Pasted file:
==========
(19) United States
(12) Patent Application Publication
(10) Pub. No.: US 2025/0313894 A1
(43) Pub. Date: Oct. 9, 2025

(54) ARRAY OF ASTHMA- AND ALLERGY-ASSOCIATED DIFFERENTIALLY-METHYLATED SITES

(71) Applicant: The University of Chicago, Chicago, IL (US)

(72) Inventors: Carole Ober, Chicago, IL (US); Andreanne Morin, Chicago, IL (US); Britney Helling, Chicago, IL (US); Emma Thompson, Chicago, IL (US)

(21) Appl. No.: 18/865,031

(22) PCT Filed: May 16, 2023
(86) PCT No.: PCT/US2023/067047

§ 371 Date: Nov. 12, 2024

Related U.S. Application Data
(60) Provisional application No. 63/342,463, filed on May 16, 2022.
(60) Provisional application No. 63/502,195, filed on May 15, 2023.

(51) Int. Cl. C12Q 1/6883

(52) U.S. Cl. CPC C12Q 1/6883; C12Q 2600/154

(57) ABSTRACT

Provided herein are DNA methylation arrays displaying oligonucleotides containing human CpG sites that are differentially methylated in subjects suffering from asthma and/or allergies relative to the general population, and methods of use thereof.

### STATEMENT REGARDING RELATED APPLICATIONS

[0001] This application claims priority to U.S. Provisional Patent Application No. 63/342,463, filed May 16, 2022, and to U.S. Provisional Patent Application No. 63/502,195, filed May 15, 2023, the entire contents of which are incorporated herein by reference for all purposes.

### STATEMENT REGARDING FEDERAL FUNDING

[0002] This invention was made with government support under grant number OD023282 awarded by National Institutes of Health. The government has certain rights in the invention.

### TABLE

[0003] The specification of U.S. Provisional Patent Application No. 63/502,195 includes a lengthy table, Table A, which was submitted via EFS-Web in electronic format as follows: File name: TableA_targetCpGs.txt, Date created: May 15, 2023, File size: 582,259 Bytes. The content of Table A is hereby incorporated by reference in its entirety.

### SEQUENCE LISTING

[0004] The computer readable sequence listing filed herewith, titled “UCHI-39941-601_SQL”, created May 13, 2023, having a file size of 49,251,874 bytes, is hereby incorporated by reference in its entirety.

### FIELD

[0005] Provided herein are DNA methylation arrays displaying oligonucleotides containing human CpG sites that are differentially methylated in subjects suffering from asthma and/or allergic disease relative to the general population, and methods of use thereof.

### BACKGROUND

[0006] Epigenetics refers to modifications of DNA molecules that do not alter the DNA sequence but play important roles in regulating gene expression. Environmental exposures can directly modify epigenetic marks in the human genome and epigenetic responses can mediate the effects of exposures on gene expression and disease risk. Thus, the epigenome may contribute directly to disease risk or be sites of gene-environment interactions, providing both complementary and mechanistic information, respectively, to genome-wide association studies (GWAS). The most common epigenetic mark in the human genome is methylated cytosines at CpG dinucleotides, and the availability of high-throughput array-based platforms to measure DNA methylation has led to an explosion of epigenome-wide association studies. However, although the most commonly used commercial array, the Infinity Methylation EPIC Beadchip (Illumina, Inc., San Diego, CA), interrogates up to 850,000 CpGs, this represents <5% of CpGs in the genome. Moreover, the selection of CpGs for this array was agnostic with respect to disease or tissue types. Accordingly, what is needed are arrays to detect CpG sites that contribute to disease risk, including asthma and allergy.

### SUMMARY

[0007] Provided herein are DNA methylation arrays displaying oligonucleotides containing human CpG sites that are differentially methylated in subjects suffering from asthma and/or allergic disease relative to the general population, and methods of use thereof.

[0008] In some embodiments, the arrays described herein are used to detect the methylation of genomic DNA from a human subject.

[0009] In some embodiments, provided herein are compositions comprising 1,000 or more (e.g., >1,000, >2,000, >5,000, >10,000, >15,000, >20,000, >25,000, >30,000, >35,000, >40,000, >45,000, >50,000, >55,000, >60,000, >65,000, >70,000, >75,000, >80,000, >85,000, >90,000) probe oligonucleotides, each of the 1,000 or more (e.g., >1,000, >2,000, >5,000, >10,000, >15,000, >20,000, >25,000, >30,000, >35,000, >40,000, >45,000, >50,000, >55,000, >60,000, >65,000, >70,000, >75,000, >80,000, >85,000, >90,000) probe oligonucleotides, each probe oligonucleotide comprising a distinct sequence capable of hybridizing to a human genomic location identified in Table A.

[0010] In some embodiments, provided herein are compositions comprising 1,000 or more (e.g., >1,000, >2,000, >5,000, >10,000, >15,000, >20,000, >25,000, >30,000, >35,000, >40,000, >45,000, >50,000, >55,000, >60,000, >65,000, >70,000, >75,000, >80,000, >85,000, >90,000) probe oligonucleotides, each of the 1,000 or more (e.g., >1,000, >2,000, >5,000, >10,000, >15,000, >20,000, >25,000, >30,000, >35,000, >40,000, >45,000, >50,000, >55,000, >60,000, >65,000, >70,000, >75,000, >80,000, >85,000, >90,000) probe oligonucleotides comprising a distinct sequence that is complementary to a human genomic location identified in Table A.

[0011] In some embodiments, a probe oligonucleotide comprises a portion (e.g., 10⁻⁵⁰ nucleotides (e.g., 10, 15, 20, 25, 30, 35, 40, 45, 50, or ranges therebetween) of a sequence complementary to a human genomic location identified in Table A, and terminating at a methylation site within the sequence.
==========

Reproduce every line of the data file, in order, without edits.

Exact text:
(19) United States
(12) Patent Application Publication
(10) Pub. No.: US 2025/0313894 A1
(43) Pub. Date: Oct. 9, 2025

(54) ARRAY OF ASTHMA- AND ALLERGY-ASSOCIATED DIFFERENTIALLY-METHYLATED SITES

(71) Applicant: The University of Chicago, Chicago, IL (US)

(72) Inventors: Carole Ober, Chicago, IL (US); Andreanne Morin, Chicago, IL (US); Britney Helling, Chicago, IL (US); Emma Thompson, Chicago, IL (US)

(21) Appl. No.: 18/865,031

(22) PCT Filed: May 16, 2023
(86) PCT No.: PCT/US2023/067047

§ 371 Date: Nov. 12, 2024

Related U.S. Application Data
(60) Provisional application No. 63/342,463, filed on May 16, 2022.
(60) Provisional application No. 63/502,195, filed on May 15, 2023.

(51) Int. Cl. C12Q 1/6883

(52) U.S. Cl. CPC C12Q 1/6883; C12Q 2600/154

(57) ABSTRACT

Provided herein are DNA methylation arrays displaying oligonucleotides containing human CpG sites that are differentially methylated in subjects suffering from asthma and/or allergies relative to the general population, and methods of use thereof.

### STATEMENT REGARDING RELATED APPLICATIONS

[0001] This application claims priority to U.S. Provisional Patent Application No. 63/342,463, filed May 16, 2022, and to U.S. Provisional Patent Application No. 63/502,195, filed May 15, 2023, the entire contents of which are incorporated herein by reference for all purposes.

### STATEMENT REGARDING FEDERAL FUNDING

[0002] This invention was made with government support under grant number OD023282 awarded by National Institutes of Health. The government has certain rights in the invention.

### TABLE

[0003] The specification of U.S. Provisional Patent Application No. 63/502,195 includes a lengthy table, Table A, which was submitted via EFS-Web in electronic format as follows: File name: TableA_targetCpGs.txt, Date created: May 15, 2023, File size: 582,259 Bytes. The content of Table A is hereby incorporated by reference in its entirety.

### SEQUENCE LISTING

[0004] The computer readable sequence listing filed herewith, titled “UCHI-39941-601_SQL”, created May 13, 2023, having a file size of 49,251,874 bytes, is hereby incorporated by reference in its entirety.

### FIELD

[0005] Provided herein are DNA methylation arrays displaying oligonucleotides containing human CpG sites that are differentially methylated in subjects suffering from asthma and/or allergic disease relative to the general population, and methods of use thereof.

### BACKGROUND

[0006] Epigenetics refers to modifications of DNA molecules that do not alter the DNA sequence but play important roles in regulating gene expression. Environmental exposures can directly modify epigenetic marks in the human genome and epigenetic responses can mediate the effects of exposures on gene expression and disease risk. Thus, the epigenome may contribute directly to disease risk or be sites of gene-environment interactions, providing both complementary and mechanistic information, respectively, to genome-wide association studies (GWAS). The most common epigenetic mark in the human genome is methylated cytosines at CpG dinucleotides, and the availability of high-throughput array-based platforms to measure DNA methylation has led to an explosion of epigenome-wide association studies. However, although the most commonly used commercial array, the Infinity Methylation EPIC Beadchip (Illumina, Inc., San Diego, CA), interrogates up to 850,000 CpGs, this represents <5% of CpGs in the genome. Moreover, the selection of CpGs for this array was agnostic with respect to disease or tissue types. Accordingly, what is needed are arrays to detect CpG sites that contribute to disease risk, including asthma and allergy.

### SUMMARY

[0007] Provided herein are DNA methylation arrays displaying oligonucleotides containing human CpG sites that are differentially methylated in subjects suffering from asthma and/or allergic disease relative to the general population, and methods of use thereof.

[0008] In some embodiments, the arrays described herein are used to detect the methylation of genomic DNA from a human subject.

[0009] In some embodiments, provided herein are compositions comprising 1,000 or more (e.g., >1,000, >2,000, >5,000, >10,000, >15,000, >20,000, >25,000, >30,000, >35,000, >40,000, >45,000, >50,000, >55,000, >60,000, >65,000, >70,000, >75,000, >80,000, >85,000, >90,000) probe oligonucleotides, each of the 1,000 or more (e.g., >1,000, >2,000, >5,000, >10,000, >15,000, >20,000, >25,000, >30,000, >35,000, >40,000, >45,000, >50,000, >55,000, >60,000, >65,000, >70,000, >75,000, >80,000, >85,000, >90,000) probe oligonucleotides, each probe oligonucleotide comprising a distinct sequence capable of hybridizing to a human genomic location identified in Table A.

[0010] In some embodiments, provided herein are compositions comprising 1,000 or more (e.g., >1,000, >2,000, >5,000, >10,000, >15,000, >20,000, >25,000, >30,000, >35,000, >40,000, >45,000, >50,000, >55,000, >60,000, >65,000, >70,000, >75,000, >80,000, >85,000, >90,000) probe oligonucleotides, each of the 1,000 or more (e.g., >1,000, >2,000, >5,000, >10,000, >15,000, >20,000, >25,000, >30,000, >35,000, >40,000, >45,000, >50,000, >55,000, >60,000, >65,000, >70,000, >75,000, >80,000, >85,000, >90,000) probe oligonucleotides comprising a distinct sequence that is complementary to a human genomic location identified in Table A.

[0011] In some embodiments, a probe oligonucleotide comprises a portion (e.g., 10⁻⁵⁰ nucleotides (e.g., 10, 15, 20, 25, 30, 35, 40, 45, 50, or ranges therebetween) of a sequence complementary to a human genomic location identified in Table A, and terminating at a methylation site within the sequence.